Here's the latest news about TV that I read, and that you should too:
■ "The SABC's coverage of Jacob Zuma's State of the Nation 2017 address analysed.
Media show The Listening Post on Al Jazeera (DStv 406 / StarSat 257) looks at how the SABC and the Guptas The New Age Breakfast Briefing on SABC2's Morning Live the day after the speech was covered.
For instance: Al Jazeera finds that Leanne Manas throws president Jacob Zuma softball questions - that is until the show switches away from SABC2 (viewers) and continues to only be broadcast on MultiChoice's DStv on the SABC News (DStv 404) channel catering to pay-TV audiences.
Now suddenly "Peter Ndoro asks much tougher questions" when a much smaller TV audience is watching.
■ Television graveyard.
Millions of old TV sets are dumped and abandoned in massive warehouses across America - and the hard manual labour involved to break down and destroy or recycle old TV sets.
■ Second season of Showtime's Billions getting "a big promotional push" as if it's a new show.
In South Africa on DStv, not so much.
Matt LeBlanc eats horse penis in the new upcoming season of Top Gear starting on 8 March at 20:00 on BBC Brit (DStv 120).
■ Alberton school furious over eNCA (DStv 403) story it slams as a false report.
Marais Viljoen High School (MVHS) considering taking eNCA and eNuus on kykNET (DStv 144) to the Broadcasting Complaints Commission of South Africa (BCCSA) after unsubstantiated, slanderous report and the apparent failure to ask the right people for comment.
■ Russia's president Vladimir Putin is obsessed with television.
Specifically in watching to see how different TV channels cover him.
■ Court papers reveal how Botswana Television (BTV) got rid of its head of news in an election year.
Koketso Joshua Ntopolelang wants his job as head of TV news and current affairs at Botswana's state broadcaster back; shows court how he was allegedly purged from BTV and moved to another government department because he could allegedly "not be trusted" during an election year in Botswana.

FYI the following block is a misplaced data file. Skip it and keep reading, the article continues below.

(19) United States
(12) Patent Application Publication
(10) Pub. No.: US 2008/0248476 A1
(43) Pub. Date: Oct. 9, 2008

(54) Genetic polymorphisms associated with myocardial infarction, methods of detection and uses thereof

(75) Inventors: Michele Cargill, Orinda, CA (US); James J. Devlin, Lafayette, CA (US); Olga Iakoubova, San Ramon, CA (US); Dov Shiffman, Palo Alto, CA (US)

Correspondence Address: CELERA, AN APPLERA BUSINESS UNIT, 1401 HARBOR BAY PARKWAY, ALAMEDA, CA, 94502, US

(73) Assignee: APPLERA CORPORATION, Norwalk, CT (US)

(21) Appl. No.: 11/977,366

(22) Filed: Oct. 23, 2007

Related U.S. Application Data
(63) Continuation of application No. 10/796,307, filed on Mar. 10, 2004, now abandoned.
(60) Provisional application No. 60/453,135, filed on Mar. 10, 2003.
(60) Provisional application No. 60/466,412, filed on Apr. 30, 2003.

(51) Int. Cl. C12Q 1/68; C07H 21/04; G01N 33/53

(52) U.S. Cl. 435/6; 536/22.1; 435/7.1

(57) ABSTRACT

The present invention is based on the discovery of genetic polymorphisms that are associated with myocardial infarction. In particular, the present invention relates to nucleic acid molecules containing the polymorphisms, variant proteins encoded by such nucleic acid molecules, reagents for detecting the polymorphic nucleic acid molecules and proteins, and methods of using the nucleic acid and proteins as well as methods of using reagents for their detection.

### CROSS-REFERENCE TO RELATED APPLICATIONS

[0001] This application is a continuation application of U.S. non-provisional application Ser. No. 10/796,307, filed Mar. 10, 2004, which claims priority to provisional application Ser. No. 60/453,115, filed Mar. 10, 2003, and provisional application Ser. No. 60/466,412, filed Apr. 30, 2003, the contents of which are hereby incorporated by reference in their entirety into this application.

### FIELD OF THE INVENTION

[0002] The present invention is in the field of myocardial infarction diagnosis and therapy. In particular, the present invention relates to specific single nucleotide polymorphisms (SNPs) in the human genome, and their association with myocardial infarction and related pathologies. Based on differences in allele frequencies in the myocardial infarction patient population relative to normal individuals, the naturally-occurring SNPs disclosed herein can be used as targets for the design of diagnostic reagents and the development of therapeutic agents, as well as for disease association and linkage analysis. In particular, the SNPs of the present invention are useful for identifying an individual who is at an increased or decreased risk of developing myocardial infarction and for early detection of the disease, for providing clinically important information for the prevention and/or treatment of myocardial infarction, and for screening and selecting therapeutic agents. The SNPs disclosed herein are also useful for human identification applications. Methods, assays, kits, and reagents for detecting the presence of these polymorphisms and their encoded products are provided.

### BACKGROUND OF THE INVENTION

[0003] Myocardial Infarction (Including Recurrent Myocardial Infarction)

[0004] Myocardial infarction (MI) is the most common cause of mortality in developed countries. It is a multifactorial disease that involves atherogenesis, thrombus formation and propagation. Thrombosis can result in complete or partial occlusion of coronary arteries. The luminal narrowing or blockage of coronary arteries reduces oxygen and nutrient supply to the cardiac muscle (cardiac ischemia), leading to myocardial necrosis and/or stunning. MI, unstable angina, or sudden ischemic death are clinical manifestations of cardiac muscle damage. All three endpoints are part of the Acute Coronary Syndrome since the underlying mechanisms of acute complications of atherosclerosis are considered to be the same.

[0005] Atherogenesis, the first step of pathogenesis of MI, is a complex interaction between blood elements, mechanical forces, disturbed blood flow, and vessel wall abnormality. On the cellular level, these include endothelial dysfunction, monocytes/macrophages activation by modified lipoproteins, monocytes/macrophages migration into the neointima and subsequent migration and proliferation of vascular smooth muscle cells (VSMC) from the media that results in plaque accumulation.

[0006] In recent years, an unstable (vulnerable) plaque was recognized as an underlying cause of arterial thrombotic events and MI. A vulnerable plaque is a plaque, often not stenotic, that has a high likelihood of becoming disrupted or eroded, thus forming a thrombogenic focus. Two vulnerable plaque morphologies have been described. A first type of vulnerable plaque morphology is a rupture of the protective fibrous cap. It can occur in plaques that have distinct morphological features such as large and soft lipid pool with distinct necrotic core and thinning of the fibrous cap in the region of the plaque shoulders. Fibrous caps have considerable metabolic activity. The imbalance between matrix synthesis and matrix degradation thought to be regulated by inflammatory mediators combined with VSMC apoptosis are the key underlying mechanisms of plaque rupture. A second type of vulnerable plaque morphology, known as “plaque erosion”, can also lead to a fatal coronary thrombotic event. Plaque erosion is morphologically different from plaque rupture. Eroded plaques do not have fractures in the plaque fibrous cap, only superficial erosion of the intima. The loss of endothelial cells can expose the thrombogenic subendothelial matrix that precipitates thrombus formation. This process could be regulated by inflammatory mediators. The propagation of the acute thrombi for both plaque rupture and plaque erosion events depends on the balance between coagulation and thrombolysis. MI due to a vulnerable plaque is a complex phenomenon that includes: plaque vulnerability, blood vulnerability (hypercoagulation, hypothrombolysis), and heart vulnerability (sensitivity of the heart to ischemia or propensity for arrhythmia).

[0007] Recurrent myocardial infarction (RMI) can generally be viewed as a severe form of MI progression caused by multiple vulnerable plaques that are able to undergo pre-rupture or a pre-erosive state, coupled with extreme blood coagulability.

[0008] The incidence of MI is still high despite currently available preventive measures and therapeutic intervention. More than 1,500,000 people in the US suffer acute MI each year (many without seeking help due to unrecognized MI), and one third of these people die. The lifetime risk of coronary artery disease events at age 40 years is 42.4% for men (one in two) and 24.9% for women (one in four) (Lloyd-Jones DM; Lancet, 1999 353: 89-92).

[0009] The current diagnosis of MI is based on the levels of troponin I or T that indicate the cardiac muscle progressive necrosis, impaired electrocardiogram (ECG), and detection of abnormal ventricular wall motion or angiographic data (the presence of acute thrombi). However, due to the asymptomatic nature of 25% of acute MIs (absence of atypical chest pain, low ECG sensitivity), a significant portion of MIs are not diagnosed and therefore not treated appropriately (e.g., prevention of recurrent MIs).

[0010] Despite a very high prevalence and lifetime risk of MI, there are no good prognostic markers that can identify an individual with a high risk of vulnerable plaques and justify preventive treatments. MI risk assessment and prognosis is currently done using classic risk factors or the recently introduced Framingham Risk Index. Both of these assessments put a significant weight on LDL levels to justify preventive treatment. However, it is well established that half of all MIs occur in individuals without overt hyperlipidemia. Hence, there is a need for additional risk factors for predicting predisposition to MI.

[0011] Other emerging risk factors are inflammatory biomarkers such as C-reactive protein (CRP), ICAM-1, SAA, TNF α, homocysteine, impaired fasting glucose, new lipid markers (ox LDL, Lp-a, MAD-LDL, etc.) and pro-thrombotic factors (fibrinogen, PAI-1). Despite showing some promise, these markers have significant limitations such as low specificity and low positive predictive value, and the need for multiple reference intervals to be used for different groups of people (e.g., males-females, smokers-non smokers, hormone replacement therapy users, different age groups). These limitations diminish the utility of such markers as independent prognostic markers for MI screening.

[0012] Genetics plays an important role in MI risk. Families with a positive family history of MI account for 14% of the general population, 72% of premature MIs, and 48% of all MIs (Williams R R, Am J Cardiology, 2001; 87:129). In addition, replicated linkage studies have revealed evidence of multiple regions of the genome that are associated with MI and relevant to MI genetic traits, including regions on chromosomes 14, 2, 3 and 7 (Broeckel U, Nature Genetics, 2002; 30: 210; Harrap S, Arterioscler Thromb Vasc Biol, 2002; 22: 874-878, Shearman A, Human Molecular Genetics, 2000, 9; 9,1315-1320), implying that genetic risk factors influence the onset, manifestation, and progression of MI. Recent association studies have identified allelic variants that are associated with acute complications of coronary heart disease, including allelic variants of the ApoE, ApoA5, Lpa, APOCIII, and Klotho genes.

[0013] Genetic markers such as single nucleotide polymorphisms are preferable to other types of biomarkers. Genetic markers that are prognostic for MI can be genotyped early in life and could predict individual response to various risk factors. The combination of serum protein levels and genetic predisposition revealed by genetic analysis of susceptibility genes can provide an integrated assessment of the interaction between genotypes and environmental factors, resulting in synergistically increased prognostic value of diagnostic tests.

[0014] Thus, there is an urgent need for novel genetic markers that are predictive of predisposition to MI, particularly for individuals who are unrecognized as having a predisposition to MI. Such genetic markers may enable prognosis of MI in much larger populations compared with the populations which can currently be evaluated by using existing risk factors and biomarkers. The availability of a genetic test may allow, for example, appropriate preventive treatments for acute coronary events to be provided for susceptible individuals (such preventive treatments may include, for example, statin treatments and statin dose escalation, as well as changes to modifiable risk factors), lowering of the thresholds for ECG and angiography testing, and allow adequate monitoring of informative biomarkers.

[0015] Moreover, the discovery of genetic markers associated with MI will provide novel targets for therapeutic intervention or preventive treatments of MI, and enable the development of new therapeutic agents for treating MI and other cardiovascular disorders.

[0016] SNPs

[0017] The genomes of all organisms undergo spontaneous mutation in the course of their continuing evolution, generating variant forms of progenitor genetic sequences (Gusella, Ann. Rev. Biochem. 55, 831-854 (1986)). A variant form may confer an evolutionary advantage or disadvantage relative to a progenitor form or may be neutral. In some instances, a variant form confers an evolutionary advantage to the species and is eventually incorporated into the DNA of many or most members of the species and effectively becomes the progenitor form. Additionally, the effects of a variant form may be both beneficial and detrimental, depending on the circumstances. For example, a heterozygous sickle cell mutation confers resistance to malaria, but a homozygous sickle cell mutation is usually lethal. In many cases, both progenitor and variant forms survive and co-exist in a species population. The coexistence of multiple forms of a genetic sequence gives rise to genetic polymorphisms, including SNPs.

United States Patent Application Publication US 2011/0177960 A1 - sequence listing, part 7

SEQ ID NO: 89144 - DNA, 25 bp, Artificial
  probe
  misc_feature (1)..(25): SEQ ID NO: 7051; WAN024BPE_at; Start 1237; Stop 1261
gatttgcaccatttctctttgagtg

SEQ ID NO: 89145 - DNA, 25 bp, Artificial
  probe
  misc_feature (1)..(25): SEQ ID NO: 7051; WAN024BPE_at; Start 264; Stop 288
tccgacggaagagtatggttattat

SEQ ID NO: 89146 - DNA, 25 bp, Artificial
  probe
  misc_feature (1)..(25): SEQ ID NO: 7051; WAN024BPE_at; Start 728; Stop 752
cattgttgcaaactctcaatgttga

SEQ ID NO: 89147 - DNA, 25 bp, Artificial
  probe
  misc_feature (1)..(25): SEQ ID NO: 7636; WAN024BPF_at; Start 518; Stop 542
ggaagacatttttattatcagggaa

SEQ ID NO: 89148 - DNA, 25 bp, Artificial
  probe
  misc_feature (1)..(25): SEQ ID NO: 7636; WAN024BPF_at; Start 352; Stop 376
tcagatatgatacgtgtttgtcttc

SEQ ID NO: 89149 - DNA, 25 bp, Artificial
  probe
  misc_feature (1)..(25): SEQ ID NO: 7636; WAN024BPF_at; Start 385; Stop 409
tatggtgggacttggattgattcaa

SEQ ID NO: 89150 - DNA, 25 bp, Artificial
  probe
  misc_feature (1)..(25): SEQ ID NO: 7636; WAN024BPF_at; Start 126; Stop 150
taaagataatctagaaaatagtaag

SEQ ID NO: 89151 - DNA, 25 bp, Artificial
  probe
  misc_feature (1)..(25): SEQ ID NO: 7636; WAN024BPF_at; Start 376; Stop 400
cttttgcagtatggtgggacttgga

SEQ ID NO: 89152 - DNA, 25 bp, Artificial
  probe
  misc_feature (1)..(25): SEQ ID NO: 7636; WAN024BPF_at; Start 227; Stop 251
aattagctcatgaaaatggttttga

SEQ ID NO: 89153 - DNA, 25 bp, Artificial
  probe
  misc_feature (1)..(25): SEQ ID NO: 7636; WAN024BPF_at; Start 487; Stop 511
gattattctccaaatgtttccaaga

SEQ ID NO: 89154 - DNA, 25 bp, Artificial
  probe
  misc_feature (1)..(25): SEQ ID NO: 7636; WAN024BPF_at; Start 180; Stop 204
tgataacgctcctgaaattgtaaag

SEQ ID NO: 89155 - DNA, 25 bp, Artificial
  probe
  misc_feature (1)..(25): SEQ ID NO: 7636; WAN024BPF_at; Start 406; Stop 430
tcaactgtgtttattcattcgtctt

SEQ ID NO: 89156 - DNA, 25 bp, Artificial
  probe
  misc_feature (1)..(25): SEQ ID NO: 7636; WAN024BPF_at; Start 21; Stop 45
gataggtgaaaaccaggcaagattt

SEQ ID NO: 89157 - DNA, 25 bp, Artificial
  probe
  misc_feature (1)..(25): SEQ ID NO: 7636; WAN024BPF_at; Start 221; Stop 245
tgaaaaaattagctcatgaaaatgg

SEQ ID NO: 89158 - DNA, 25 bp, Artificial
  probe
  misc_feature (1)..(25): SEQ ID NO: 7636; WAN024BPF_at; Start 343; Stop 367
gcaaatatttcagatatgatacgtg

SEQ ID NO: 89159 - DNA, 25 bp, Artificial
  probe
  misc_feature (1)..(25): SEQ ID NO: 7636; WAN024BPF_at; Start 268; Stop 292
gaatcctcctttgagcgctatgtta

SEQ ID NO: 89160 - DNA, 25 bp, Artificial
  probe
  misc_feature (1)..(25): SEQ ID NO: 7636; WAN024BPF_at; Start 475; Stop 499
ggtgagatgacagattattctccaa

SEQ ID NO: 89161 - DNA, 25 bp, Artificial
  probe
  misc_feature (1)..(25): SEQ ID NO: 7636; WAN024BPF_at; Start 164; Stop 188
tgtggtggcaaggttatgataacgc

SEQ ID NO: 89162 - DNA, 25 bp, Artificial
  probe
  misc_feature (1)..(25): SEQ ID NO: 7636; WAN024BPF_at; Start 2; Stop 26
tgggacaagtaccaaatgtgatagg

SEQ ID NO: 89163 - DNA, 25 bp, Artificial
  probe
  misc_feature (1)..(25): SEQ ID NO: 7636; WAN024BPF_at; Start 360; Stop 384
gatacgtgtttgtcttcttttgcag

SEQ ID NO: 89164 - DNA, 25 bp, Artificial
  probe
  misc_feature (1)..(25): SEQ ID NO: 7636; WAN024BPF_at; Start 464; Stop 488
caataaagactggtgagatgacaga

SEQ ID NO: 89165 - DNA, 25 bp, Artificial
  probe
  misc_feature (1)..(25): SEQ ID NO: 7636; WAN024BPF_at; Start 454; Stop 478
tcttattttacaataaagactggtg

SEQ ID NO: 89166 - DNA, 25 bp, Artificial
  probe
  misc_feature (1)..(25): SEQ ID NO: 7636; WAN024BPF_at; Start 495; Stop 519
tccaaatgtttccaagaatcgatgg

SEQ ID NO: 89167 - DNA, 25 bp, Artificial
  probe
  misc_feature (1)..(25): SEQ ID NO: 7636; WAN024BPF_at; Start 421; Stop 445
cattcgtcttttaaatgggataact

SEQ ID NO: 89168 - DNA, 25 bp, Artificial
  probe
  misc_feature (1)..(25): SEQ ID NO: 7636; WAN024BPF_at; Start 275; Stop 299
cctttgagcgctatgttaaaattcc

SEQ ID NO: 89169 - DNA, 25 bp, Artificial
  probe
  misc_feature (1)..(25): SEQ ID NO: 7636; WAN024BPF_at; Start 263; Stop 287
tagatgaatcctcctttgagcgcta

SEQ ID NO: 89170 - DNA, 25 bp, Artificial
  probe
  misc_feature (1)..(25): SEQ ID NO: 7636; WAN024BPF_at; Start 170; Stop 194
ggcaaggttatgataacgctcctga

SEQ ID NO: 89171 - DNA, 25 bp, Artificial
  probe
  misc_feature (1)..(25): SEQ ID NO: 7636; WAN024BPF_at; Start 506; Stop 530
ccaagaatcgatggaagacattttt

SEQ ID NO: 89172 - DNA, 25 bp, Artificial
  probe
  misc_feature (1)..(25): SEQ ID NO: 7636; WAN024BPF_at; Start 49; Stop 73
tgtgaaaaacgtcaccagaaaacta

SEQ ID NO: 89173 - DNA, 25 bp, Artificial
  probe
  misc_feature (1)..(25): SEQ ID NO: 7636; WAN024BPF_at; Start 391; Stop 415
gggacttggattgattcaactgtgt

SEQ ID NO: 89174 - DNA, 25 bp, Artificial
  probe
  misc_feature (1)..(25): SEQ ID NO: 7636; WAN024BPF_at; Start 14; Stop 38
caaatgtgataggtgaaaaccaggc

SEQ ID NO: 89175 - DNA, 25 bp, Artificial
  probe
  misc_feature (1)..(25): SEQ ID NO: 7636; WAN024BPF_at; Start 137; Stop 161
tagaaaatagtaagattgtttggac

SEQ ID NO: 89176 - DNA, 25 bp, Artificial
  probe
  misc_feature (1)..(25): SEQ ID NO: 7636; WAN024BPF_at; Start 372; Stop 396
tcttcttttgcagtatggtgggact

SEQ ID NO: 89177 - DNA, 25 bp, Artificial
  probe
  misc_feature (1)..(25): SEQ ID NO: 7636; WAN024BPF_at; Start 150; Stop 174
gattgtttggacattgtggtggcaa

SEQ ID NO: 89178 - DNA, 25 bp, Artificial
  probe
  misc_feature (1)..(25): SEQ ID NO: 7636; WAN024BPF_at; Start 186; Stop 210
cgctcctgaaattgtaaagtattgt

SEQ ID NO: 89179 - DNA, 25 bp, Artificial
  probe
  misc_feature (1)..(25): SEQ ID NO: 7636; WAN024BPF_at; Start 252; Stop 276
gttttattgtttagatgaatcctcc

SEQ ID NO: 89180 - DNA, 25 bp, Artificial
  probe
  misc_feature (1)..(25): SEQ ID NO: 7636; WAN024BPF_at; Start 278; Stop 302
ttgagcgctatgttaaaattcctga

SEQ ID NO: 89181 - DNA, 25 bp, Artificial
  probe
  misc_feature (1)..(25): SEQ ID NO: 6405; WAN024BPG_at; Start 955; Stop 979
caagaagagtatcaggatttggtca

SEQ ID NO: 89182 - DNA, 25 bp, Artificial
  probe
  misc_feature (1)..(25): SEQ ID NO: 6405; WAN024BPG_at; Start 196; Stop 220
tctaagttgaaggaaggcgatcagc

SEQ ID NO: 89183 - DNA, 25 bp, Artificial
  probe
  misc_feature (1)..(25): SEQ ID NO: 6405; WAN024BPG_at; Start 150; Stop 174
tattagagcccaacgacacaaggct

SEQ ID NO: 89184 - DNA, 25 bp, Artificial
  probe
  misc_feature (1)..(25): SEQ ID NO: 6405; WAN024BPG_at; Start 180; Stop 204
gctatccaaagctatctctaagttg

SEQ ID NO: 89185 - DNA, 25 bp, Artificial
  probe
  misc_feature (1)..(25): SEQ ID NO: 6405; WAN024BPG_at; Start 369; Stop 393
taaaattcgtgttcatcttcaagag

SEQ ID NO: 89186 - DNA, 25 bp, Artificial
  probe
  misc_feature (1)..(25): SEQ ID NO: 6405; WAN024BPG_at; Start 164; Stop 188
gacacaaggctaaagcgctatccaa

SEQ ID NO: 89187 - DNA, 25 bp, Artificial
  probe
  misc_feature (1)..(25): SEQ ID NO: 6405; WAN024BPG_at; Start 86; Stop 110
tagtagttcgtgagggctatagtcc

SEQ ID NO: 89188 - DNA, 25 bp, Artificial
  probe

■ New Zealand TV is trashing up current affairs in prime time.
Strange and trashy chit-chat as actuality programming instead of news.
■ Sky News (DStv 402) anchor Dermot Murnaghan warns
that the TV news at 22:00 on British television can't survive due to falling viewership.
■ Cameroon viewers treated to TV fight.
After last week's Egypt on-set brouhaha, in Cameroon on Sunday novelist Calixthe Beyala created an "incident close to barbarism and savagery" in an on-set clash.
■ CNBC Africa (DStv 410) opens a new studio in Rwanda.
Who knew? Apparently the ABN Group running the business TV channel on MultiChoice's DStv platform opened a new studio in Rwanda's Kigali Convention Centre. Of course there wasn't even a basic press release or statement to the media.
■ Japan gives money to improve Malawi television.
Malawi Broadcasting Corporation (MBC) gets millions from Japan to improve its MBCTV broadcasting equipment in Blantyre.
■ Unnamed Indian TV anchor caught as a prostitute.
Allegedly used her good looks to become involved in prostitution at a guest house in Hyderabad; police reprimanded her for illegal activities and "advised her to pursue her anchoring career professionally".
■ A second golden age for TV news channels in America?
Viewership soars thanks to
■ The SABC has now implemented the Scisys' dira! and MusicMaster systems.
New production and playout systems used by 19 of the SABC's radio stations. Of course it's hopefully not being held together by sticky tape in the rundown SABC studios.
■ Script for final episode of The Vampire Diaries is so brutal ...
it made actor Paul Wesley cry.